Strategy Analytics: Huawei 1st among top 5 contributors to 3GPP 5G specs

Even though there are more than 600 member companies participating in 3GPP, their 5G specification process is actually led by only a few leading telecom companies. New research from Strategy Analytics analyzes the contributions to 3GPP 5G  specifications (Release 15 and Release 16) and finds that 13 companies contributed more than 78% 5G related papers and led 77% of the 5G related Work Items and Study Items.

The Strategy Analytics report “Who Are the Leading Players in 5G Standardization? An Assessment for 3GPP 5G Activities” is available to clients and registered guests here . The report assesses the 13 leading companies’ contributions to 3GPP 5G standards for the period of Releases 15 and 16 so far, based on the following criteria:

  • Volume of 5G related papers, including submitted papers, approved/agreed papers and the ratio of approved/agreed papers to total submissions in all Technical Specification Groups (TSGs) and Working Groups (WGs)
  • Chairmanship positions, i.e. Chairman and Vice Chairmen for all TSGs and WGs
  • Rapporteurs of 5G related Work Items (WIs) / Study Items (SIs) in all TSGs and WGs

The results indicate that the top 5 companies in 3GPP 5G specification activities are Huawei, Ericsson, Nokia, Qualcomm and China Mobile.

Guang Yang , Director at Strategy Analytics, noted, “3GPP plays the central role in the ecosystem of global 5G standardization.  By analyzing the contributions of industry players to 3GPP 5G standards, we can get an idea of different companies’ positions in 5G innovation as well as their influence in the global mobile industry. So we looked at 3GPP organization and work procedures to assess each company’s influence from multiple aspects.”

Sue Rudd , Director Networks and Service Platforms service, added, “According to our assessment, leading infrastructure vendors – Huawei , Ericsson and Nokia – made more significant contributions to 5G standards than other studied companies. Huawei leads in terms of overall contributions to the end-to-end 5G standards, while Ericsson leads in TSG/WG chairmanship and Nokia in approved/agreed ratio of 5G contribution papers .”

Phil Kendall , Executive Director at Strategy Analytics, added, “It is important to remember that the true nature of the standardization process is actually one of industry collaboration rather than competition. 3GPP standardization continues to be a dynamic process. It is expected that emerging players and new market requirements will increasingly impact priorities for 3GPP Release 17 standards.”

3GPP Timeline:

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Mike Dano of Lightreading says “Huawei being the biggest contributor to the 3GPP’s 5G specs will undoubtedly worry U.S. lawmakers and regulators, who for years have argued the company poses a security threat to the nation. Huawei denies those allegations.”

“We must have a vocal presence at the standards bodies that are defining the rules for 5G. We have been woefully absent and need to make participation a priority,” wrote Mike Rogers in a recent opinion column. Rogers is a former US representative who co-authored the 2012 US government report initially outlining the security threats posed by Chinese equipment vendors like Huawei and ZTE.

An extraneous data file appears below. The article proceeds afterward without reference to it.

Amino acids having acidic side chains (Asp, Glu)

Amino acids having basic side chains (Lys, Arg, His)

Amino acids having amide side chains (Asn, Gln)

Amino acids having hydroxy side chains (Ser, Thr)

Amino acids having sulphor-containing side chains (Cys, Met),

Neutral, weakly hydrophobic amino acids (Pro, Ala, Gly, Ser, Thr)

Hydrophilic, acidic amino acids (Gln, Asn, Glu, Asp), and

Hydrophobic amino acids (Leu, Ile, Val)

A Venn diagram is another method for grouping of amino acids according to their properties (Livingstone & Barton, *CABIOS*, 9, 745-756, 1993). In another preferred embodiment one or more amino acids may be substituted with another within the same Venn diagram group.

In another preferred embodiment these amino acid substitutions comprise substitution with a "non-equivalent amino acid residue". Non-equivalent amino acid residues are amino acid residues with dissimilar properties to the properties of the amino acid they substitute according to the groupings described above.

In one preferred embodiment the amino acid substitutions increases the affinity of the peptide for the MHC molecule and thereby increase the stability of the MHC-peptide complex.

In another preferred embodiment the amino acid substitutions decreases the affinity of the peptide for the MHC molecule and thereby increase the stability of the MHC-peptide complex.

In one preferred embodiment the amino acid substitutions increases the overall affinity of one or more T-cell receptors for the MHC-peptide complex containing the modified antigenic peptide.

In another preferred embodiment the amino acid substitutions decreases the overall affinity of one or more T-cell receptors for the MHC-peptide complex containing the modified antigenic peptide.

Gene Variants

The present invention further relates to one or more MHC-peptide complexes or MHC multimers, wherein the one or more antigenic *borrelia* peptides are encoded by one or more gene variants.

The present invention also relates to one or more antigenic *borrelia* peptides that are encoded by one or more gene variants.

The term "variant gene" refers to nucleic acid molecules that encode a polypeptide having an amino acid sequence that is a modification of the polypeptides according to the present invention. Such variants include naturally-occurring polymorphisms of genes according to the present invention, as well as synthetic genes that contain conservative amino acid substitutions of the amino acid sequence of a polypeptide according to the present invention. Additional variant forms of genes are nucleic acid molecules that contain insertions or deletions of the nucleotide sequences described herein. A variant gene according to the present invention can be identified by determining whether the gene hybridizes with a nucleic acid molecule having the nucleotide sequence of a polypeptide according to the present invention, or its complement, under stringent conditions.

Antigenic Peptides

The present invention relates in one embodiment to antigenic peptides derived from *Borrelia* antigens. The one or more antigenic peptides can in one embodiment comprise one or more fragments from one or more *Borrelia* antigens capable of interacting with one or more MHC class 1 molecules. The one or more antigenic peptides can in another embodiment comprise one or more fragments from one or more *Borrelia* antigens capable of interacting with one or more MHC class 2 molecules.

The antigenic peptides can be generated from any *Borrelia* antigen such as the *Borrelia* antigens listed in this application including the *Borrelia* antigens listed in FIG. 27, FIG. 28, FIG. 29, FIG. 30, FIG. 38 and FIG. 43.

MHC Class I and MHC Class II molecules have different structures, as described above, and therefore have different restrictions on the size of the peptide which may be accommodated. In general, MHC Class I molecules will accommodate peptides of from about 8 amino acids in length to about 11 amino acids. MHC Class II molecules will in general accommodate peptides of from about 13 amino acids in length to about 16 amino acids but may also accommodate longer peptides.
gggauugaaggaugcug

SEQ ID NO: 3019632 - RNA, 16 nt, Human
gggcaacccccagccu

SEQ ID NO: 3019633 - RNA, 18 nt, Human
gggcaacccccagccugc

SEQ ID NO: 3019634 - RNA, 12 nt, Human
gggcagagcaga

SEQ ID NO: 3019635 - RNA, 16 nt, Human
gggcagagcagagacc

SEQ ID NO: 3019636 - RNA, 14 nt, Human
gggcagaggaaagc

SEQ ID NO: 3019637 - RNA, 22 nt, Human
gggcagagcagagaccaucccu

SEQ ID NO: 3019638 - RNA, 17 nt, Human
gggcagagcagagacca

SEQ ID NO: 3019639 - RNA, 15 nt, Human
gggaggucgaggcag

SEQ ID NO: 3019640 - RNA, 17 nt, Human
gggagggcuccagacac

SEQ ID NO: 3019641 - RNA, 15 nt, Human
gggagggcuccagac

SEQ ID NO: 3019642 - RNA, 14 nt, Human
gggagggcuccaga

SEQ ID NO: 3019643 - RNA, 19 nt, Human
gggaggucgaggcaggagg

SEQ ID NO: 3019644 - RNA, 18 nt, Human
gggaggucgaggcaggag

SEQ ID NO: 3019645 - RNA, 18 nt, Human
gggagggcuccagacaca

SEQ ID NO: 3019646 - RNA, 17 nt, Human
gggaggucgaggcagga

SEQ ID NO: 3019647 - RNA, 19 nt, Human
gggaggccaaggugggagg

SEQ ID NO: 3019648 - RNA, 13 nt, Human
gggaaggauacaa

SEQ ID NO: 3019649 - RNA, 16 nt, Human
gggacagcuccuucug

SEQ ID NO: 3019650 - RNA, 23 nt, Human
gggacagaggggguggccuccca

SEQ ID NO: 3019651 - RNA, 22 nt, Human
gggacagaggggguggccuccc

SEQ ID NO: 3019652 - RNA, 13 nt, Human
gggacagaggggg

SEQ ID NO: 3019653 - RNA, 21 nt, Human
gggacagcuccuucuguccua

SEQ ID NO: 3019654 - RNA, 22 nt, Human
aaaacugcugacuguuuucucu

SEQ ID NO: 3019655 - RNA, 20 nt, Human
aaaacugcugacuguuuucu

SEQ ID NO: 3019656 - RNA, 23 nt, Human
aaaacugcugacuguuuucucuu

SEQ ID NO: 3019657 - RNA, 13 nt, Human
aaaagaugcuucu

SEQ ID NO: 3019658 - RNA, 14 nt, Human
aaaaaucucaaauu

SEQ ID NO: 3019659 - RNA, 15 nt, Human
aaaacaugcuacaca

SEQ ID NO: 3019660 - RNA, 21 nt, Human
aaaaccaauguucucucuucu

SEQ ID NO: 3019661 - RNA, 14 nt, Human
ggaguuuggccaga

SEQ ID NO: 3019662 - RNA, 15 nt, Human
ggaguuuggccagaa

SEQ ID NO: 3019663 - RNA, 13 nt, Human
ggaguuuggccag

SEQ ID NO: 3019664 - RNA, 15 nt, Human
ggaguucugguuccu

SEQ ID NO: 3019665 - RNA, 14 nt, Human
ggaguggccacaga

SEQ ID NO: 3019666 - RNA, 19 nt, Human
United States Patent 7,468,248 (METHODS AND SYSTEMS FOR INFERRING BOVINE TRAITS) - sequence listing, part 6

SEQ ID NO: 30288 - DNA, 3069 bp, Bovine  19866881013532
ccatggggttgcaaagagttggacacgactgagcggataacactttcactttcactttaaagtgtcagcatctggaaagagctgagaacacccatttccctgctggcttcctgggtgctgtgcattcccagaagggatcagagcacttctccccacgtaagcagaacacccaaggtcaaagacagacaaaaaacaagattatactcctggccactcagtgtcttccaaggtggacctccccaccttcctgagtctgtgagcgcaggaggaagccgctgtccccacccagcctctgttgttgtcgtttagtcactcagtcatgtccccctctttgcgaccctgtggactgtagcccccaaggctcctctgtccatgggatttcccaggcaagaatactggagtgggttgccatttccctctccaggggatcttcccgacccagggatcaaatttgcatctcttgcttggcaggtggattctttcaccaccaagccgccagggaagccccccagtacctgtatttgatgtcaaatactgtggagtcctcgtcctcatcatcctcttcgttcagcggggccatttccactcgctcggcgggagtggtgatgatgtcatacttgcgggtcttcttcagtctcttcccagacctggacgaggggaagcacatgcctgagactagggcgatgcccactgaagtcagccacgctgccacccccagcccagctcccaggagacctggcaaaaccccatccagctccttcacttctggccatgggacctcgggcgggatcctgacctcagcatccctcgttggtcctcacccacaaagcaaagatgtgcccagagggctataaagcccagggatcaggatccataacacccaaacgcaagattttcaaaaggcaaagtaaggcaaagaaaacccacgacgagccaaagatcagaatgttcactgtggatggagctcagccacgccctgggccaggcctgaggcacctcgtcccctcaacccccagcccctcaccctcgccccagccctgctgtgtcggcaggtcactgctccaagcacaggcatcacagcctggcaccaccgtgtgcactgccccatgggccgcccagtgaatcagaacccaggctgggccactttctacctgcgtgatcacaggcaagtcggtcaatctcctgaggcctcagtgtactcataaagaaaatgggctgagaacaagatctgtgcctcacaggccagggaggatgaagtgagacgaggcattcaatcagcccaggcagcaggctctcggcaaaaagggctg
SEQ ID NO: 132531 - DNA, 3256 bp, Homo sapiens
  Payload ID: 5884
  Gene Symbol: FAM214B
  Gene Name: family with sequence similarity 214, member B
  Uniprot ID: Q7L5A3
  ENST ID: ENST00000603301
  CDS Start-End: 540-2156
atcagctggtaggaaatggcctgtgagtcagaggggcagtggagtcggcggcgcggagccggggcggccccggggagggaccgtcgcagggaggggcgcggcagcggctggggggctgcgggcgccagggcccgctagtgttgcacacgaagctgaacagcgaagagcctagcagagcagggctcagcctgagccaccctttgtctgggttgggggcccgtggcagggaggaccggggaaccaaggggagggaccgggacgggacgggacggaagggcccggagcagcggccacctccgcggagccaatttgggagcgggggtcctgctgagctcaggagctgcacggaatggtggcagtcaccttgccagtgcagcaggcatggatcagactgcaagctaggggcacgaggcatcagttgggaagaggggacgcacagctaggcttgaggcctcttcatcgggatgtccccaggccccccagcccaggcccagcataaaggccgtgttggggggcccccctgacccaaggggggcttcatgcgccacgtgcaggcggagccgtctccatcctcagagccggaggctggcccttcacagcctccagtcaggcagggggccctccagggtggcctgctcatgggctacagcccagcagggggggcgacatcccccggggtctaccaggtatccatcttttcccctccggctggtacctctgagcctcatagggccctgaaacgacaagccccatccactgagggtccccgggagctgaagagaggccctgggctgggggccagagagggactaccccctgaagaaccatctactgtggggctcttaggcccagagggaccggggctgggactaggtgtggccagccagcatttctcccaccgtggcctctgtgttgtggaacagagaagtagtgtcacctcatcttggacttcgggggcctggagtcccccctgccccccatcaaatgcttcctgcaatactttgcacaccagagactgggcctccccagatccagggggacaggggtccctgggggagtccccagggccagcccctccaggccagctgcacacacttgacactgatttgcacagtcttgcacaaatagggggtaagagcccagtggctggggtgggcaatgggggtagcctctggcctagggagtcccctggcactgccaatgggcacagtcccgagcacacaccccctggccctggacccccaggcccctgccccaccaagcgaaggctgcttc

“We need to work with our allies to staunch the spread of Huawei and other Chinese companies owned by the state. We need to better communicate what Chinese dominance of 5G means. This is something we have not successfully done, as shown by Britain deciding to allow Huawei into certain elements of the 5G network,” Rogers added.

Rogers now chairs the “5G Action Now” 501(c)4 advocacy organization, which has been working with the now-disbanded C-Band Alliance to speed up the C-Band spectrum auction in the US for 5G.

Indeed, legislation introduced early this year would require the Trump administration to develop a strategy to “promote United States leadership at international standards-setting bodies for equipment, systems, software, and virtually-defined networks relevant to 5th and future generation mobile telecommunications systems and infrastructure, taking into account the different processes followed by the various international standard-setting bodies.”  That legislation passed the House and is now headed to the Senate.

Companies’ 3GPP contributions to the 5G specs [1.] don’t necessarily translate into revenues. For that, companies must patent their inventions.

Note 1.  3GPP specs vs 5G standards:

3GPP 5G specs in Release 15 and 16 have and will continue to be input to ITU-R WP 5D, but only some of those contributions will be in IMT 2020 which is currently restricted to the Radio Interface Technologies (RITs) or sets of RITs (SRITs).  Other essential 5G specs like signaling, 5G packet core, 5G network management, etc will be standardized by SDOs (like ETSI) but the real work is done in 3GPP.  Also note that IMT 2020 will have several NON 3GPP RITs from ETSI/DECT Forum and India (TSDSI).

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According to one study, Huawei leads in that respect also. IPlytics recently reported that the Chinese firm has far and away the most “declared 5G families” of patents, and the most filed since 2012.

However, it’s worth noting that UK law firm Bird & Bird argues that the reliance on such patent calculations isn’t very insightful, and that different methodologies yield different results.

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References:

https://news.strategyanalytics.com/press-releases/press-release-details/2020/Strategy-Analytics-Infrastructure-Giants-Lead-5G-Standardization/default.aspx

https://www.lightreading.com/5g/study-huawei-was-the-biggest-contributor-to-5g-standards/d/d-id/758279?

 

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